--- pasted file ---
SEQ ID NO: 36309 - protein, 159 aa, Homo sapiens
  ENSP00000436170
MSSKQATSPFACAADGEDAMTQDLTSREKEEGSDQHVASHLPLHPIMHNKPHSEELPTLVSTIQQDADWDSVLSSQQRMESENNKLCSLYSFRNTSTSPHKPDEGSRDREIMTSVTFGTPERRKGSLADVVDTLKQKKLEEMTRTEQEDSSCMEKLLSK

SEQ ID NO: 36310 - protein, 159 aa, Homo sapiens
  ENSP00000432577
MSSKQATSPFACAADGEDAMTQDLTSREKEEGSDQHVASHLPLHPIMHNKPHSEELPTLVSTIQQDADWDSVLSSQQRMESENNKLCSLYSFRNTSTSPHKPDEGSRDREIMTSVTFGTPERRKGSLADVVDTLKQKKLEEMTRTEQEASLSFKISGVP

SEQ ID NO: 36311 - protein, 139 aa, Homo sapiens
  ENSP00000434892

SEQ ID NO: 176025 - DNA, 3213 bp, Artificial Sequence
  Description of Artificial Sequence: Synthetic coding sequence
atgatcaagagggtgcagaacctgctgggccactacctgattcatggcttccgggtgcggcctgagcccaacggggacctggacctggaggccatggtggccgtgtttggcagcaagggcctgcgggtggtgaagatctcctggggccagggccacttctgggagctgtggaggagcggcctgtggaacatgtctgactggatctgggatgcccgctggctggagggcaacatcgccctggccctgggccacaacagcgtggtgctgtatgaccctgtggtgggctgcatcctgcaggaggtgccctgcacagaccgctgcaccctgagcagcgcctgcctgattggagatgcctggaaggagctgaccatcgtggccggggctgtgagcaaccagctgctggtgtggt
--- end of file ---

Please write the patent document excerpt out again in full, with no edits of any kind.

SEQ ID NO: 36309 - protein, 159 aa, Homo sapiens
  ENSP00000436170
MSSKQATSPFACAADGEDAMTQDLTSREKEEGSDQHVASHLPLHPIMHNKPHSEELPTLVSTIQQDADWDSVLSSQQRMESENNKLCSLYSFRNTSTSPHKPDEGSRDREIMTSVTFGTPERRKGSLADVVDTLKQKKLEEMTRTEQEDSSCMEKLLSK

SEQ ID NO: 36310 - protein, 159 aa, Homo sapiens
  ENSP00000432577
MSSKQATSPFACAADGEDAMTQDLTSREKEEGSDQHVASHLPLHPIMHNKPHSEELPTLVSTIQQDADWDSVLSSQQRMESENNKLCSLYSFRNTSTSPHKPDEGSRDREIMTSVTFGTPERRKGSLADVVDTLKQKKLEEMTRTEQEASLSFKISGVP

SEQ ID NO: 36311 - protein, 139 aa, Homo sapiens
  ENSP00000434892

SEQ ID NO: 176025 - DNA, 3213 bp, Artificial Sequence
  Description of Artificial Sequence: Synthetic coding sequence
atgatcaagagggtgcagaacctgctgggccactacctgattcatggcttccgggtgcggcctgagcccaacggggacctggacctggaggccatggtggccgtgtttggcagcaagggcctgcgggtggtgaagatctcctggggccagggccacttctgggagctgtggaggagcggcctgtggaacatgtctgactggatctgggatgcccgctggctggagggcaacatcgccctggccctgggccacaacagcgtggtgctgtatgaccctgtggtgggctgcatcctgcaggaggtgccctgcacagaccgctgcaccctgagcagcgcctgcctgattggagatgcctggaaggagctgaccatcgtggccggggctgtgagcaaccagctgctggtgtggt